The Los Angeles City Council has approved a measure to ban new oil and gas wells and phase out existing ones.
The measure would shut down oil and gas fields in the city after a decade of complaints from residents about negative health impacts including nosebleeds, wheezing and coughing. Residents of the city blamed air pollution on the sites.
Activists say that Black and Latino residents of the city are the most affected by pollution from the sites.
The Los Angeles City Council voted on Wednesday for a plan that would phase out new wells over a period of five years. As CNBC reported, over half a million Los Angeles residents live within a quarter-mile of an active oil and gas well, which can release various pollutants including benzene and hydrogen sulfide.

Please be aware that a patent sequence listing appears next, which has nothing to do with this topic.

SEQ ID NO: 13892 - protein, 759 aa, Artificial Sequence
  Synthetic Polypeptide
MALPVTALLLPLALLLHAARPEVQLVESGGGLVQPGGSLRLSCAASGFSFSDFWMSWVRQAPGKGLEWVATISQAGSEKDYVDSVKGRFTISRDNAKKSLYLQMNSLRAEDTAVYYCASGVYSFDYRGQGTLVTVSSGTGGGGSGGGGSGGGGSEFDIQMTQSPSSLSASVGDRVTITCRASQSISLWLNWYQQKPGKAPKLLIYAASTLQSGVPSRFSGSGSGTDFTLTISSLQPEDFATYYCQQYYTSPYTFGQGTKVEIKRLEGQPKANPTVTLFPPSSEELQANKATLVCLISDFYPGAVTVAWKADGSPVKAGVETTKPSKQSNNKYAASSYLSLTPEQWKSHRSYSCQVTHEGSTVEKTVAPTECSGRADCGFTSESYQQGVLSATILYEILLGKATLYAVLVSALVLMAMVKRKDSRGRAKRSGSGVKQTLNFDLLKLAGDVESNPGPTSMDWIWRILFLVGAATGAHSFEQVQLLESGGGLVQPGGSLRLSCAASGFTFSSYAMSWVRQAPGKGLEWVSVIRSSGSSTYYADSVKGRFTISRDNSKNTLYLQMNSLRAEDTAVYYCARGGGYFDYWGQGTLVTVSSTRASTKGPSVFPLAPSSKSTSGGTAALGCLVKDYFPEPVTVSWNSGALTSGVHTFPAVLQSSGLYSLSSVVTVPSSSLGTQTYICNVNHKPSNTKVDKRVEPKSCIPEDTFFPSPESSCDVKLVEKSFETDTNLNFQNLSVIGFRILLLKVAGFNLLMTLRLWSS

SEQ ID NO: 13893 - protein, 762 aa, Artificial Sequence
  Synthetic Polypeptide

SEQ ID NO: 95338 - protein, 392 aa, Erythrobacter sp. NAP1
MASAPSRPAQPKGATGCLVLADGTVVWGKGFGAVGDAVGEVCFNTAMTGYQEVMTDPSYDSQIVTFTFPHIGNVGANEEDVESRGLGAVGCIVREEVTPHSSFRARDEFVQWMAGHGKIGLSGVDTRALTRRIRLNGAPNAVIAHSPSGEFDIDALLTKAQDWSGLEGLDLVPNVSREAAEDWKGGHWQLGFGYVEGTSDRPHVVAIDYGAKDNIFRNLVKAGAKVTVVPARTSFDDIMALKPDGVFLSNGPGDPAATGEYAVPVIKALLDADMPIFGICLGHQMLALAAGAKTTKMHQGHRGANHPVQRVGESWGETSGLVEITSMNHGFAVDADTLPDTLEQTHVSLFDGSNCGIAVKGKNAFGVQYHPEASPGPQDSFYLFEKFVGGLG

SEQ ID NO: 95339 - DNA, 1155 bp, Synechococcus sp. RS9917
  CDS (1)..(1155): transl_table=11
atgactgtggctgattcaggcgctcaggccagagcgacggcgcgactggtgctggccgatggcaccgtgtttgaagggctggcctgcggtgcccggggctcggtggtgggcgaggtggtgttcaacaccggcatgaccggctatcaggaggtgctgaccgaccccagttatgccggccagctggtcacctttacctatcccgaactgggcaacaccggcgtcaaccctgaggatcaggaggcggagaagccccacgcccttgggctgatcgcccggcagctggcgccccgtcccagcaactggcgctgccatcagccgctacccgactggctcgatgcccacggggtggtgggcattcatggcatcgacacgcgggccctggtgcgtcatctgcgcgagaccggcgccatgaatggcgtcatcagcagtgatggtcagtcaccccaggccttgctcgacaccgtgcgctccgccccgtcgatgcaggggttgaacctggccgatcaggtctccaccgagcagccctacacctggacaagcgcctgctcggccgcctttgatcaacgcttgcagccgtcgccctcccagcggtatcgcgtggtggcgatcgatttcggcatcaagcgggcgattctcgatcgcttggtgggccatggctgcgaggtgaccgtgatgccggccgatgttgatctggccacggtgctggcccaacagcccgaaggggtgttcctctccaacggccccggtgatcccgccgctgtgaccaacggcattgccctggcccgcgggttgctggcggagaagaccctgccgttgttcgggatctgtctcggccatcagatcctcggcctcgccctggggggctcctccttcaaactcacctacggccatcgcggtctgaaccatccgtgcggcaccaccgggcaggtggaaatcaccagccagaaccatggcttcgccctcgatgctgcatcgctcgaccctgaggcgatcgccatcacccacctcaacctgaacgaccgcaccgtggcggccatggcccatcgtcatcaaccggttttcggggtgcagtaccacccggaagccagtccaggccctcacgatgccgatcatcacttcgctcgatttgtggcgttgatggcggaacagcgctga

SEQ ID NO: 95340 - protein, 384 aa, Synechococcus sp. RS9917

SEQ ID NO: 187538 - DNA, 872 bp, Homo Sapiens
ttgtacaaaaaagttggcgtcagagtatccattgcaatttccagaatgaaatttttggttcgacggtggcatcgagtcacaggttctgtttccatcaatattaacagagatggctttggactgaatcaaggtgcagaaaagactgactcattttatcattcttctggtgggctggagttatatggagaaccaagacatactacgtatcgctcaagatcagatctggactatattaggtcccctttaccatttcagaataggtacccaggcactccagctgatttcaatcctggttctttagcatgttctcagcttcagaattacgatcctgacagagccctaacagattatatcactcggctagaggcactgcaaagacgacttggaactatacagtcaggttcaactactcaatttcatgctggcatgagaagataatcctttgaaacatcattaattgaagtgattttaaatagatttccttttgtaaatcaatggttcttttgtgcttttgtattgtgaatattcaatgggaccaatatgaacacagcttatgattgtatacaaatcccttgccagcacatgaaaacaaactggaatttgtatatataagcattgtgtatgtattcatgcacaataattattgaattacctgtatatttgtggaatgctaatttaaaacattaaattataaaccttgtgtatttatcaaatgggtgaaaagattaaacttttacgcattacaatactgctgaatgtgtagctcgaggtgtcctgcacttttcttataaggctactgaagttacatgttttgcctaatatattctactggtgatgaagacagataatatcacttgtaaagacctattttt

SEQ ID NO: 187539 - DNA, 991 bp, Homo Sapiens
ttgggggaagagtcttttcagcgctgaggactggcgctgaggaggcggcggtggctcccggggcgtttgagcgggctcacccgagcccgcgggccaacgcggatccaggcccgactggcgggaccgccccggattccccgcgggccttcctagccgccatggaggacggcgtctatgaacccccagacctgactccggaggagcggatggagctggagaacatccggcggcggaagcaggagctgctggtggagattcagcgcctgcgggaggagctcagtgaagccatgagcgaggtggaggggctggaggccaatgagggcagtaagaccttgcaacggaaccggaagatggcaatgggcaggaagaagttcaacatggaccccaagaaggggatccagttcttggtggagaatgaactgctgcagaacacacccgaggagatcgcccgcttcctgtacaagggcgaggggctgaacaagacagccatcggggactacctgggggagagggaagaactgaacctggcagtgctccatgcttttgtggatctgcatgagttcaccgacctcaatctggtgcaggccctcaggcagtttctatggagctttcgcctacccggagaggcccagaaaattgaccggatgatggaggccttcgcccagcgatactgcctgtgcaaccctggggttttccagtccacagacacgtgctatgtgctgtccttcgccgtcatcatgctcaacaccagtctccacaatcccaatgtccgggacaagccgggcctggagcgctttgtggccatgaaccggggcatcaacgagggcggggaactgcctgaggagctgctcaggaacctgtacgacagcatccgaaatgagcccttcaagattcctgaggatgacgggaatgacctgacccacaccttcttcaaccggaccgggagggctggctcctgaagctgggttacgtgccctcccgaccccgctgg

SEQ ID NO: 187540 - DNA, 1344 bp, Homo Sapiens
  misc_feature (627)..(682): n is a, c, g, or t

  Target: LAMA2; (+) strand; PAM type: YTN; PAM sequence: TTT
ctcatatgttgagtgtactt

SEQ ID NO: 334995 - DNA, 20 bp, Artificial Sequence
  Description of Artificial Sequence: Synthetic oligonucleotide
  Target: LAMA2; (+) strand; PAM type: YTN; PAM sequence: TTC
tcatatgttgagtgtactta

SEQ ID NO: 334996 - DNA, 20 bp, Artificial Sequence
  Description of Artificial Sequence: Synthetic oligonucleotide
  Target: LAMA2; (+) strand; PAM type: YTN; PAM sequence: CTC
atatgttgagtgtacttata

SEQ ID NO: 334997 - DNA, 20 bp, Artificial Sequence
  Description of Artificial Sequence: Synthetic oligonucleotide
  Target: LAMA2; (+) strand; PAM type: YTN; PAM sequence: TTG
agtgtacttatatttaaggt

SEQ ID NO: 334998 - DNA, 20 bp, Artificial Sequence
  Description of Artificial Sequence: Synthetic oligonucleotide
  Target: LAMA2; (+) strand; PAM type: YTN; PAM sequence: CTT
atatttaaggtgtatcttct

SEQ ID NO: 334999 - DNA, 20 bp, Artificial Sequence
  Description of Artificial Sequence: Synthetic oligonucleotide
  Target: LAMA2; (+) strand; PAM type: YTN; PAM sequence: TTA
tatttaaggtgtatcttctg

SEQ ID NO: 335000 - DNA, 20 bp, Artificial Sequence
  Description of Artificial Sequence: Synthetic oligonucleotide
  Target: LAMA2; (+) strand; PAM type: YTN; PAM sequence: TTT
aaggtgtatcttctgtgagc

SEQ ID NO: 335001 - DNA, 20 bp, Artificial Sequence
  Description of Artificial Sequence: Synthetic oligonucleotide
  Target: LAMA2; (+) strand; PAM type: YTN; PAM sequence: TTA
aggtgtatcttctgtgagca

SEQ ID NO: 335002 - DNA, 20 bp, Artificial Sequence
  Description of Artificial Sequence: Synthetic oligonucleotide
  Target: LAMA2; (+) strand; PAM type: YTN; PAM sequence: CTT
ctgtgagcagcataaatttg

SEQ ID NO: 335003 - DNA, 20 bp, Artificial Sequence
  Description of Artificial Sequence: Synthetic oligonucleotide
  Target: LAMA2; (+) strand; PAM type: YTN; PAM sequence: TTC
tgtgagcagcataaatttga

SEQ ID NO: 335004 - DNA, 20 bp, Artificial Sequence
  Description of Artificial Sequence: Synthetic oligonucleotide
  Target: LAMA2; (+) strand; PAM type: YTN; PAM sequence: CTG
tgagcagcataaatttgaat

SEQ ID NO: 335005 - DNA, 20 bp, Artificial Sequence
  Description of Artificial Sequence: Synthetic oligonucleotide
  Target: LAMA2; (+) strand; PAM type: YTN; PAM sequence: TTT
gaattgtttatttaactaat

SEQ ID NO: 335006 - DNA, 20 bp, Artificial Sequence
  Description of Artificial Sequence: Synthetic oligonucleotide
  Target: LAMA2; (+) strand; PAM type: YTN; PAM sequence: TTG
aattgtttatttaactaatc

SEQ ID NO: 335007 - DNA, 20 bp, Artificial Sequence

Phaseouts like these are part of what is being seen as a statewide movement in California to move away from fossil fuel production to meet ambitious, but possible climate goals. There's also a strong public health motivation to the movement.
As the Associated Press reported, California's oil and gas regulator proposed in October to ban new oil and gas wells that lie within 3,200 feet of schools, homes, and hospitals.
Existing wells could potentially be subject to new pollution controls.